Keeping in mind that it is commands that are to be obeyed, an example is binding only when it is a demonstration of required obedience. When there is evidence that the New Testament church practiced a certain thing because it was something bound on the church everywhere and always, that practice serves as an example for us to follow. A binding example is one that has a universal divine command behind it. Not included, therefore, are the numerous examples of actions which were merely incidental, local in application, or simply expedients. What the apostles commanded set forth action that was required. When such action was properly performed it serves as an instructive example. Such an example serves, therefore, as a "mirror" to reflect the command that was behind it. Through the "mirror" of an example we can recognize the command that required it. In such a case the example is not merely an example, but a binding precedent because it demonstrates obedience to a divine command. The point to be made is that examples are one of the ways God helps us to understand his will.


The Lord's Supper

The question arises as to the example of the Lord's Supper on the first day of the week (Acts 20:7). We do not read of a direct command that the Supper is to be on the Lord's Day. We do, however, find that the Supper is to be observed. Jesus commanded it (Luke 22:19) and the apostles taught us to observe all he commanded (Matt. 28:19). The correct observance was part of the "all truth" given to them by the Spirit (John 16:13). Either this included a designated time or it did not. If it did not, one could assume that partaking once in his entire life would fulfill the requirement. (Such would hardly fit the instructions Paul gave for proper conduct in the assembly for the Supper and the fact that the church "continued" in it. See I Cor. 11:20ff and Acts 2:42.) On the other hand, if there is a designated time, we have to discover it by apostolic example, the specific command not being recorded.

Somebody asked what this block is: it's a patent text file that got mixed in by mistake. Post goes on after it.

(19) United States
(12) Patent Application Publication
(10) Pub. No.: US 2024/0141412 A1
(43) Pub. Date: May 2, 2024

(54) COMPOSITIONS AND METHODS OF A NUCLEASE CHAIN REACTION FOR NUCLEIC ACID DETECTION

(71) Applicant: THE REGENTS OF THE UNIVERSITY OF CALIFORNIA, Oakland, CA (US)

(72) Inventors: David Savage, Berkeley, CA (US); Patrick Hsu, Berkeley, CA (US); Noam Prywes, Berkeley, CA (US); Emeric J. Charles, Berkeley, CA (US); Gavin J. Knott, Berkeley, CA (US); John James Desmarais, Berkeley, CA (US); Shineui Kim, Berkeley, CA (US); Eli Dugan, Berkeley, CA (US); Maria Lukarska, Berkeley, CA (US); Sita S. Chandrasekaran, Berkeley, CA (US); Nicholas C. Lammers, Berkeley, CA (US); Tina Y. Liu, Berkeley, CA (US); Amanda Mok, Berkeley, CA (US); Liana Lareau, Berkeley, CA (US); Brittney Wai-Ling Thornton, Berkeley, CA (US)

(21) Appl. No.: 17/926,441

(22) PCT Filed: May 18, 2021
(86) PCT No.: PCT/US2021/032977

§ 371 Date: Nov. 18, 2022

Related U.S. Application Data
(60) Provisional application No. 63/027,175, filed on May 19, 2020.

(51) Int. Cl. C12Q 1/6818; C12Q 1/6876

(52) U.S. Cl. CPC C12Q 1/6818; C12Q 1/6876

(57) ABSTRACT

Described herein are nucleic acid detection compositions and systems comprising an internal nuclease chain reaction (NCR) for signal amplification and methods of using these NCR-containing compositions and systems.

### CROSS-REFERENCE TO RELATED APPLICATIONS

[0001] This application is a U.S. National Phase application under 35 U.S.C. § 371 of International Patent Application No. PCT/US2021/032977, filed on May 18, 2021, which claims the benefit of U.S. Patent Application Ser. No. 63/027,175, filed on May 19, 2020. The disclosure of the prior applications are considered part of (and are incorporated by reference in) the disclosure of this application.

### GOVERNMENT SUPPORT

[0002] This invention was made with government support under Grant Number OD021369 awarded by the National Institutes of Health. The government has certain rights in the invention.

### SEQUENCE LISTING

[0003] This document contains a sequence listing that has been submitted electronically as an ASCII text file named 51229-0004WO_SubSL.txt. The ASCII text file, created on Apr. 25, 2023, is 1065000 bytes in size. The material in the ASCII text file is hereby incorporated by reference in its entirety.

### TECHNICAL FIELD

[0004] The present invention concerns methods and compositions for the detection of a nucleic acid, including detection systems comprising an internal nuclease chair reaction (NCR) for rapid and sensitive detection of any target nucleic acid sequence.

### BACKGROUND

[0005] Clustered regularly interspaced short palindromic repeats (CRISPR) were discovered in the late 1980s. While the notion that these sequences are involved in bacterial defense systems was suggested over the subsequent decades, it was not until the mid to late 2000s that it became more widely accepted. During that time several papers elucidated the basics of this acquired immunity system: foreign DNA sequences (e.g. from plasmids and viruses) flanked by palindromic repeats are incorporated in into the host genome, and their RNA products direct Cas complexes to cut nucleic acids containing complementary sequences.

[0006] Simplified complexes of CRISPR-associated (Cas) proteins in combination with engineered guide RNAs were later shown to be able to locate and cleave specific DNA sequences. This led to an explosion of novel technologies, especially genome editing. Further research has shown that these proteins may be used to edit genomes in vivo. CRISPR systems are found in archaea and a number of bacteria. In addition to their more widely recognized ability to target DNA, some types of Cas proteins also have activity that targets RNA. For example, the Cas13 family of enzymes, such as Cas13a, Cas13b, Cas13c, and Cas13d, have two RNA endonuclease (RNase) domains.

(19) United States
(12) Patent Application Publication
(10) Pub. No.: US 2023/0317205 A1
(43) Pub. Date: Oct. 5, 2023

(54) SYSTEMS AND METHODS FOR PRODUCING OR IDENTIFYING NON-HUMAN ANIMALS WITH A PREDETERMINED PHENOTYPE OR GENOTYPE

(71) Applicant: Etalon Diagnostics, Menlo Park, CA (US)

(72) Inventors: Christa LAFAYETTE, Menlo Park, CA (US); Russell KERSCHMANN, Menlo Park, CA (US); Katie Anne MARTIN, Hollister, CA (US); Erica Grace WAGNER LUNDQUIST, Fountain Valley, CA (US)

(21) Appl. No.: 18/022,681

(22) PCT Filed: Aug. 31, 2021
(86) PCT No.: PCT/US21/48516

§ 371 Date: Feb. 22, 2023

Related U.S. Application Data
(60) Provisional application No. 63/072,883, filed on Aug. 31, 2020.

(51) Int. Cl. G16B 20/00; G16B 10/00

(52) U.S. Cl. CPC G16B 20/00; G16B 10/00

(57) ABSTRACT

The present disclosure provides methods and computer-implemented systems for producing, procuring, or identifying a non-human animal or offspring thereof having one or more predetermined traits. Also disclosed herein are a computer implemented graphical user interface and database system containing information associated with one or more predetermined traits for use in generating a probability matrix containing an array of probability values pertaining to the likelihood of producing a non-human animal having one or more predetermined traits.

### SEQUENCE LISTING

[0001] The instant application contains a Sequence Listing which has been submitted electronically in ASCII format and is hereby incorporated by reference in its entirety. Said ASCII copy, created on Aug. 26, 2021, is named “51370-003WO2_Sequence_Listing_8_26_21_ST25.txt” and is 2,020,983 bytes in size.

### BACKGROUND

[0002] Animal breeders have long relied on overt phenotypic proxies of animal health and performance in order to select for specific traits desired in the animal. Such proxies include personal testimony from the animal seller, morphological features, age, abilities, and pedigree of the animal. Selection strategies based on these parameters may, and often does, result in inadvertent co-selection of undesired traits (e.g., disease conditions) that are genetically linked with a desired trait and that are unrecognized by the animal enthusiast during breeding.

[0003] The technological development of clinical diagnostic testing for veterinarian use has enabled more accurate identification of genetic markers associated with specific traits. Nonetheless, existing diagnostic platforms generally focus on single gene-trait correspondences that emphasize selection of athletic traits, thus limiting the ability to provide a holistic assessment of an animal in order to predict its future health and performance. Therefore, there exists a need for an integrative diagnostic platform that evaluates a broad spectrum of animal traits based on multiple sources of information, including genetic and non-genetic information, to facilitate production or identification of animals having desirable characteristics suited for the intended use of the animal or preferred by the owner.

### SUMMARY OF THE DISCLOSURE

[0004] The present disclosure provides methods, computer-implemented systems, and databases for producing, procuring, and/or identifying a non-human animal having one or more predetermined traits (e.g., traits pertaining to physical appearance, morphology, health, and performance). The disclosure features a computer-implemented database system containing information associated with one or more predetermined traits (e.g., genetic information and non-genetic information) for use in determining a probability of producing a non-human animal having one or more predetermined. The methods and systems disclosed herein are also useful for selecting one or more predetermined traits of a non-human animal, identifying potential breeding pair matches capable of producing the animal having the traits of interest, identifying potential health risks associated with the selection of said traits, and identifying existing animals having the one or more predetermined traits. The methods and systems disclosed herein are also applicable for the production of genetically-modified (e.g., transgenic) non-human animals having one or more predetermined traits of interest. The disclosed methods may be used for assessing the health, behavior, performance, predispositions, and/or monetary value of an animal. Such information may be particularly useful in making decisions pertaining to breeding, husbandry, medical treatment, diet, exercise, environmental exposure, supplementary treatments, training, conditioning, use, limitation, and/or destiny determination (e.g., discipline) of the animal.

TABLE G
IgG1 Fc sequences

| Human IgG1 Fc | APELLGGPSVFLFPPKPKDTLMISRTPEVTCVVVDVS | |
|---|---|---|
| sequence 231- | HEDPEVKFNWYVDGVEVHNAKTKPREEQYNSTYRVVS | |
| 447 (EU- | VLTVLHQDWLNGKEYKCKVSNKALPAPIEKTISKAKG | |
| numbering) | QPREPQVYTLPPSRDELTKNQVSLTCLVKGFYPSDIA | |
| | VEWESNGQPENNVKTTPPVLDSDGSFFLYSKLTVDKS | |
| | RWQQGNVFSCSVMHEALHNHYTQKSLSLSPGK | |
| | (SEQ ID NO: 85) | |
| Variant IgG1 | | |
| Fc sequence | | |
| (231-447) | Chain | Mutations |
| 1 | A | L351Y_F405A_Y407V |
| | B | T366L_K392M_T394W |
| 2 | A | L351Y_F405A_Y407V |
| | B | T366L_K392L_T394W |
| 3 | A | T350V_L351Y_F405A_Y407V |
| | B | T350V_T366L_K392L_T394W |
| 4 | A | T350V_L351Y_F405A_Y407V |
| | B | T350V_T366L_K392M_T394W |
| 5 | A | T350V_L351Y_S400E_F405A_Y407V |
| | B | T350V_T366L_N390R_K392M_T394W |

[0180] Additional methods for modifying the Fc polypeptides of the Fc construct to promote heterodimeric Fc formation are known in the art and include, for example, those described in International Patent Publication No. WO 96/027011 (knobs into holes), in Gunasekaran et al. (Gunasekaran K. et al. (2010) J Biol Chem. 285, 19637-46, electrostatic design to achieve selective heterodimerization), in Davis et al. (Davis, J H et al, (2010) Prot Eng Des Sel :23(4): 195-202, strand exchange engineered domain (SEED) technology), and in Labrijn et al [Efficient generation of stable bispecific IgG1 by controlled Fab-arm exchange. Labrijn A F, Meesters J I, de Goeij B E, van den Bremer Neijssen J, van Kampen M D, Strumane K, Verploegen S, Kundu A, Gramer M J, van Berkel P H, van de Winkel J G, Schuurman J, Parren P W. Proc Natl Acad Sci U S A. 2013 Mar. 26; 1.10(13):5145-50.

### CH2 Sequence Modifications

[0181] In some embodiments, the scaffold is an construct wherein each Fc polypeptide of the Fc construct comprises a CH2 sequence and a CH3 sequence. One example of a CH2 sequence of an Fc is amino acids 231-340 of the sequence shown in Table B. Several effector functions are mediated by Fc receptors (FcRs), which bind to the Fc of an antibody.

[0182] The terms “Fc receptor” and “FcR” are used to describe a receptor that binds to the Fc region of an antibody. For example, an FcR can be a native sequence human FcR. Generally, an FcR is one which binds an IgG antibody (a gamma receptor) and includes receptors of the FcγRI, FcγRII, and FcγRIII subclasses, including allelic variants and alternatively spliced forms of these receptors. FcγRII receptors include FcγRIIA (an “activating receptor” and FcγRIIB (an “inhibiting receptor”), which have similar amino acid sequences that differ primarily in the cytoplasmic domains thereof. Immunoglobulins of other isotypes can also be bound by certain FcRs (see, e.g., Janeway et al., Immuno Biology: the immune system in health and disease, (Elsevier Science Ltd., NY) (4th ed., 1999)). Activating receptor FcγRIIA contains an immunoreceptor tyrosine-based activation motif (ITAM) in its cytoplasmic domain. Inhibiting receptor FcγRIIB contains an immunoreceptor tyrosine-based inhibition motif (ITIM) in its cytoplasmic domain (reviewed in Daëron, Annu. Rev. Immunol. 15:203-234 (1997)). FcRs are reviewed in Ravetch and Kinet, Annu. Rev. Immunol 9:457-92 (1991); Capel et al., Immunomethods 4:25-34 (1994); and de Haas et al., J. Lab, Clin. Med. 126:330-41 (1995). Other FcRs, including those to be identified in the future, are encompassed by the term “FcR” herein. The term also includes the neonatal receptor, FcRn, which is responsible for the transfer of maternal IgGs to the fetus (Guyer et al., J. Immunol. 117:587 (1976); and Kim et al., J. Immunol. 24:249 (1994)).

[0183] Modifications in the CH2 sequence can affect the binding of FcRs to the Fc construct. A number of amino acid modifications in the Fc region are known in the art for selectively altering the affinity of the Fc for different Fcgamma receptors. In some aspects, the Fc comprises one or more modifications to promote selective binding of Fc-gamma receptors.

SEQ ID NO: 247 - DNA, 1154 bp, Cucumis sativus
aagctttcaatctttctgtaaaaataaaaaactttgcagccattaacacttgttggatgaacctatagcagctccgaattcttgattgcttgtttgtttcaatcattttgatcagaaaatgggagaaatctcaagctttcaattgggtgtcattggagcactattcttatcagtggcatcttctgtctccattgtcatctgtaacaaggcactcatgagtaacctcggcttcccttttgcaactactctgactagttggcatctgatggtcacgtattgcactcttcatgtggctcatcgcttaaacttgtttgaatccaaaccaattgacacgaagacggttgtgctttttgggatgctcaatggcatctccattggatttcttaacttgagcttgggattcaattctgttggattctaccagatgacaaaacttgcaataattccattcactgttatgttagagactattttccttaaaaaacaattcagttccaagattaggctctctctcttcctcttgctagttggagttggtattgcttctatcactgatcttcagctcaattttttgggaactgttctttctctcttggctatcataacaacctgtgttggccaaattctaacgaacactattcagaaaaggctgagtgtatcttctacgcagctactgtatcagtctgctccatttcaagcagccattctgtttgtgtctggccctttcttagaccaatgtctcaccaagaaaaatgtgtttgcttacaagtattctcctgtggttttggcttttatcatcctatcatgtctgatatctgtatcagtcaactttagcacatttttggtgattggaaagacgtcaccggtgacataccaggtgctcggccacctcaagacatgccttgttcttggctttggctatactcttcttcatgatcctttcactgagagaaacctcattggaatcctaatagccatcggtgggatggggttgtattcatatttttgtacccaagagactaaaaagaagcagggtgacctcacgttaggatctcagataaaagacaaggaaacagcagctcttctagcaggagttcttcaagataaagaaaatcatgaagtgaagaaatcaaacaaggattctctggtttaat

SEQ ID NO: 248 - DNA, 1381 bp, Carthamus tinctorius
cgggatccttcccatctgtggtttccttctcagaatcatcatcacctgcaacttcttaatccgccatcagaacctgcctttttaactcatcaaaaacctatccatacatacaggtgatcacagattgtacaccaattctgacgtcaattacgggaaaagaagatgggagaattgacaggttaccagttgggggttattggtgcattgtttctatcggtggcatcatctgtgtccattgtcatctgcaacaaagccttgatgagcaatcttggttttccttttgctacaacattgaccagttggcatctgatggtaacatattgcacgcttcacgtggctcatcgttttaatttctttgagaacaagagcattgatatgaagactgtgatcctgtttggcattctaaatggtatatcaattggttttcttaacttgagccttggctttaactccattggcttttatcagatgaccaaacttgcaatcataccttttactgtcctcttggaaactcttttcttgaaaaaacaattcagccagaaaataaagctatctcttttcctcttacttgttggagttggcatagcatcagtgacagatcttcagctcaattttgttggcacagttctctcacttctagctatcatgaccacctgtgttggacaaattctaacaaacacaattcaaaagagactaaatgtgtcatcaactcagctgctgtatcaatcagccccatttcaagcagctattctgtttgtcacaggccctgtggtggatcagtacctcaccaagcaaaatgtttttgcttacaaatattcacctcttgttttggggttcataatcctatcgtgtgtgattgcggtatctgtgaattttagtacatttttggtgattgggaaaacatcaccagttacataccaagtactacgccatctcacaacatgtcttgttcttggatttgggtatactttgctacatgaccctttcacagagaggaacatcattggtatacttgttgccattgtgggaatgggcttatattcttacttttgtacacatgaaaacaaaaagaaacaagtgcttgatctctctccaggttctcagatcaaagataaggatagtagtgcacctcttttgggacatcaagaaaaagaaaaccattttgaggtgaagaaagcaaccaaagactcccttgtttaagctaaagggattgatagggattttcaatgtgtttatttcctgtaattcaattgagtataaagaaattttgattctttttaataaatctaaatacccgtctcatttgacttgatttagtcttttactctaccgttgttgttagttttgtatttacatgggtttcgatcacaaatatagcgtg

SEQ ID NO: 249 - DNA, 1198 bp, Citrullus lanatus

When did the New Testament church partake of the Lord's Supper? The answer is found in Acts 20:7. Let one search in vain to find any other time. There was a regular assembly on the first day of the week (I Cor. 16:2) and the Supper was properly in that assembly (I Cor. 11:20).

We follow the pattern of Acts 20:7, not because the example in itself alone binding, but because what was being practiced there was consistent with apostolic instructions.



The wisdom of God in using examples should be obvious. Demonstration is often the most effective method of teaching. It is not accidental that much of the Bible is narrative. It is filled with examples. The New Testament church was guided by the personal and written instructions of inspired men (II Thess. 2:15). The apostles guided the early church: showing them the Lord's plan, correcting their mistakes, and confirming their obedience. Because of that apostolic guidance we can discern the God‑given pattern for the church by studying the approved practices of the New Testament church. When it followed the apostles' instructions, the New Testament church exemplified God's pattern for the church. Examples provide binding authority to the extent that following those examples puts us into compliance with the plan of God.